Stress and Your Oral Health

Article | October 2016

Stress and Your Oral Health

You may be aware of the physical and emotional symptoms of stress such as headaches, stomachaches, and anxiety. But did you know that stress can also affect your oral, or mouth, health?* It’s important to pinpoint the causes of your stress and know your body's early warning signs. It’s also smart to take steps to reduce your stress.

Oral conditions caused by stress*

Stress can affect your oral health in a number of ways:

  • Jaw issues, or disorders of the jaw joint or chewing muscles. These can cause pain around the ear or face.
  • Teeth grinding, or bruxism. This can happen during the day, especially when you're concentrating, or at night.
  • Poor oral hygiene, caused by a lack of good brushing and flossing. If you're too busy or forget to keep up with your dental hygiene, you can wind up with tooth decay and gum disease.
  • Cold sores, which are caused by the herpes simplex virus HSV-1. Cold sores are often triggered by dental treatment, stress and sunlight.
  • Oral infections or sores, which may show up as ulcers, white lines, or white or red spots. These can be brought on by stress.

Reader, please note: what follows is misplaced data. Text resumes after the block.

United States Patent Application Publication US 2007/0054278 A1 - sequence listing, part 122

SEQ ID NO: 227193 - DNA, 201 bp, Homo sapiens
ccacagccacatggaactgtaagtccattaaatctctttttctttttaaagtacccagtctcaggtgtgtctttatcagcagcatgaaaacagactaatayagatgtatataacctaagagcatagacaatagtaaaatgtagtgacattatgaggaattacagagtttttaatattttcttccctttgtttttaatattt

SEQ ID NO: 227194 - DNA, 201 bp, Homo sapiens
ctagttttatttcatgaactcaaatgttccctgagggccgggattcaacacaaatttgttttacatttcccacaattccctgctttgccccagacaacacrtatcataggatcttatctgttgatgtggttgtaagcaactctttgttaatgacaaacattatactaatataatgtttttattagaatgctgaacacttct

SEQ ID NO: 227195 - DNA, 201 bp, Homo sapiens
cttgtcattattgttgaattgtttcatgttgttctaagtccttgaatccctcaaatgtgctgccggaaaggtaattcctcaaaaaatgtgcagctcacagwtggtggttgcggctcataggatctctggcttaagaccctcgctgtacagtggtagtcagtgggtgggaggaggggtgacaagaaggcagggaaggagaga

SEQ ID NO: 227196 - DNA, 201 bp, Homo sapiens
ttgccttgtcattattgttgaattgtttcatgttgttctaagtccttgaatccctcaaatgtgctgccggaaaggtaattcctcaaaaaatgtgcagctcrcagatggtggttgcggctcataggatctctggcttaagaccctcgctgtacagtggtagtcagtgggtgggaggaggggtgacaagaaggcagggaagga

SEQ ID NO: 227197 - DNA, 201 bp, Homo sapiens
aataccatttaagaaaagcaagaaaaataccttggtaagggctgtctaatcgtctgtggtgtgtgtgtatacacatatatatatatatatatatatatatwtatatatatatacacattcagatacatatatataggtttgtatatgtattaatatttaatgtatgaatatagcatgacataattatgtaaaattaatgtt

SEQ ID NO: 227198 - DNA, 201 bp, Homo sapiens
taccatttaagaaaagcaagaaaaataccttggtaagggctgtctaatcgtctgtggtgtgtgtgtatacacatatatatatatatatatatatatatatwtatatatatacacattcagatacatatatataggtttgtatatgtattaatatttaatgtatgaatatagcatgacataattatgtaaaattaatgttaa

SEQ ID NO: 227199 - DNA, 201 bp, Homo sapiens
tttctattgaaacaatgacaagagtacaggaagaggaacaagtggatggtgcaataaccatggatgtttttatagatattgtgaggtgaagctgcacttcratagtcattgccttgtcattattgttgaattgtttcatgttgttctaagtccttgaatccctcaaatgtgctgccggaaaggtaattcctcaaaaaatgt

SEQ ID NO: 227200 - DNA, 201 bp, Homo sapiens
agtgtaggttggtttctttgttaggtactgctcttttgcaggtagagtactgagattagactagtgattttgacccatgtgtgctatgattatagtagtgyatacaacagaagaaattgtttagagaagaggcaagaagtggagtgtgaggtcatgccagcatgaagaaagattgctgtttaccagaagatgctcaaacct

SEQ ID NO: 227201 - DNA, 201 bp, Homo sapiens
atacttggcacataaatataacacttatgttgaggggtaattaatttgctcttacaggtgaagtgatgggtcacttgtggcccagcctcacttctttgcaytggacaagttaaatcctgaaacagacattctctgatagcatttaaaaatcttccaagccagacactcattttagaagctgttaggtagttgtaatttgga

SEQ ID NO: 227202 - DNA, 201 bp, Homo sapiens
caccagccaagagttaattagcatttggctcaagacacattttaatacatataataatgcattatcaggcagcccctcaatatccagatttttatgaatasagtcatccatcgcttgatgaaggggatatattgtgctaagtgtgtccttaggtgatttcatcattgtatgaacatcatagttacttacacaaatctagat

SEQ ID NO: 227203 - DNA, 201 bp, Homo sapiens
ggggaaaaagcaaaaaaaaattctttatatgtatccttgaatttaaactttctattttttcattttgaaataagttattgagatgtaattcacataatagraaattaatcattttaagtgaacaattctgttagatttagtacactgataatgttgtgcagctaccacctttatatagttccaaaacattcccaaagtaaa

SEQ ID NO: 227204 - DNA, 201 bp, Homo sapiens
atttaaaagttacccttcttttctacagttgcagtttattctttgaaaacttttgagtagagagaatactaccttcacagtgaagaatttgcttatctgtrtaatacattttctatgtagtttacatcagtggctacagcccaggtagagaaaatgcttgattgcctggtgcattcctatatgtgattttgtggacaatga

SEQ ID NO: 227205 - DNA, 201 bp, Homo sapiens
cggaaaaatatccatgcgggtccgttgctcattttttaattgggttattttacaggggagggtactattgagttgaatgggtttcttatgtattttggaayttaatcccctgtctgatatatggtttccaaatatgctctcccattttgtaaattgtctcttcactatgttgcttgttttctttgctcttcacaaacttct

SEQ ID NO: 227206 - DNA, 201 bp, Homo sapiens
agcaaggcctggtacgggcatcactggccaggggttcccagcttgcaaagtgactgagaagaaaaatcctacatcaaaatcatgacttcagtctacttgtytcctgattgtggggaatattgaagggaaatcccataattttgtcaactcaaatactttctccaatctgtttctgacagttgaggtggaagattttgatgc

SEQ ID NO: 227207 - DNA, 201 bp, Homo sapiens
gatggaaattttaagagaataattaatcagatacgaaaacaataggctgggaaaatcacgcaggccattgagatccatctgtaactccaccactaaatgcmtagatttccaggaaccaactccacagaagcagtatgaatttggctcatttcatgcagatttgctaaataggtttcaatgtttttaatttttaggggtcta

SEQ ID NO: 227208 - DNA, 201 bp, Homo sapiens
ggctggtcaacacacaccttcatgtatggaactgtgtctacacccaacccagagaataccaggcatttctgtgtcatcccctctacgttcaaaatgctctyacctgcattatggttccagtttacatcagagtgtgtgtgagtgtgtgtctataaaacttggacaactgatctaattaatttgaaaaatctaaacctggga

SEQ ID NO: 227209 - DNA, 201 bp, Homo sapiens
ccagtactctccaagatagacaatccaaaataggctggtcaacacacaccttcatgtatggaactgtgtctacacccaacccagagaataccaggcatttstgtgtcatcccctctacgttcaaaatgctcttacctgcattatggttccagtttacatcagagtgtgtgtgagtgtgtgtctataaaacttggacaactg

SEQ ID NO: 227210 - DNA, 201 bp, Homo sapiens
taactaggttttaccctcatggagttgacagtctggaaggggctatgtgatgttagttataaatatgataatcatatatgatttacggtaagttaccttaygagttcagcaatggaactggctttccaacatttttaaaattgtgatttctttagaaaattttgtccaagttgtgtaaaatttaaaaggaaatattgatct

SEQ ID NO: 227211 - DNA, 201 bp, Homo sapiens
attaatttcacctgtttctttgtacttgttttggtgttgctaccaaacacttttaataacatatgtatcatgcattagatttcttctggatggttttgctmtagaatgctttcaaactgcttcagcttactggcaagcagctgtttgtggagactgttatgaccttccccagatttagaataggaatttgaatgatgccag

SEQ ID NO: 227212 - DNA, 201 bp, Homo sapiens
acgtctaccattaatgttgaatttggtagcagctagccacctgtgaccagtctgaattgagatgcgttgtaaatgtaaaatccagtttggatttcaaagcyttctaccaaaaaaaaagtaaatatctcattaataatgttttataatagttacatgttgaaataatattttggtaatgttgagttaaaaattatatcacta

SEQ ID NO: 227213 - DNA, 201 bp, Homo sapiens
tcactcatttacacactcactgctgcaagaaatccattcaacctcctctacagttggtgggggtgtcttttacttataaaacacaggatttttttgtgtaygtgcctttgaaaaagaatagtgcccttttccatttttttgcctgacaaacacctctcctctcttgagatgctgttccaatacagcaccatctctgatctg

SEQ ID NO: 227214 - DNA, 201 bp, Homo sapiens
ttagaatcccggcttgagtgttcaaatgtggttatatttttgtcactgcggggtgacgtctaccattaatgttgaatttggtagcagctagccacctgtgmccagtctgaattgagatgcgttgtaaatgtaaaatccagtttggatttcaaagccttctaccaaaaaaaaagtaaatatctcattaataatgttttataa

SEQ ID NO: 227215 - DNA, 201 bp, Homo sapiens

• Decreased immune response, caused by stress, which can lead to periodontal (gum) disease.

Reduce your symptoms

It's important to get to the root of the problem and figure out why you're stressed. Once you've pinpointed the causes, think about how to lower your stress levels. In the meantime, follow these steps to get relief for painful oral symptoms:

  • Talk to your dentist about treatment options.
  • Address teeth grinding by asking your dentist about getting a custom-fitted night guard. It can be worn at night to prevent tooth damage caused from grinding and clenching. The night guard also creates a cushion to remove stress on your aching muscles and joint tissues.
  • Avoid hard or crunchy foods when you’re in pain.
  • Don't cope with tobacco and alcohol. These products can make your oral symptoms worse.
  • Manage pain through gentle massage, physical therapy or pain relief medications.
  • Ask about prescription medications. Anti-inflammatory drugs can help inflammation of the jaw joint. Antiviral drugs may prevent cold sores.
  • Avoid the sun or use a sunscreen with at least an SPF of 30 to help reduce cold sores.

Talk to your health care provider about your symptoms.

Man in dentist office

*http://www.webmd.com/oral-health/healthy-mouth-14/your-healthy-mouth/stress-teeth . Retrieved February 17, 2015.

This information is for educational purposes only and is not medical advice. Always consult with your dentist for appropriate examinations, treatment, testing and care recommendations.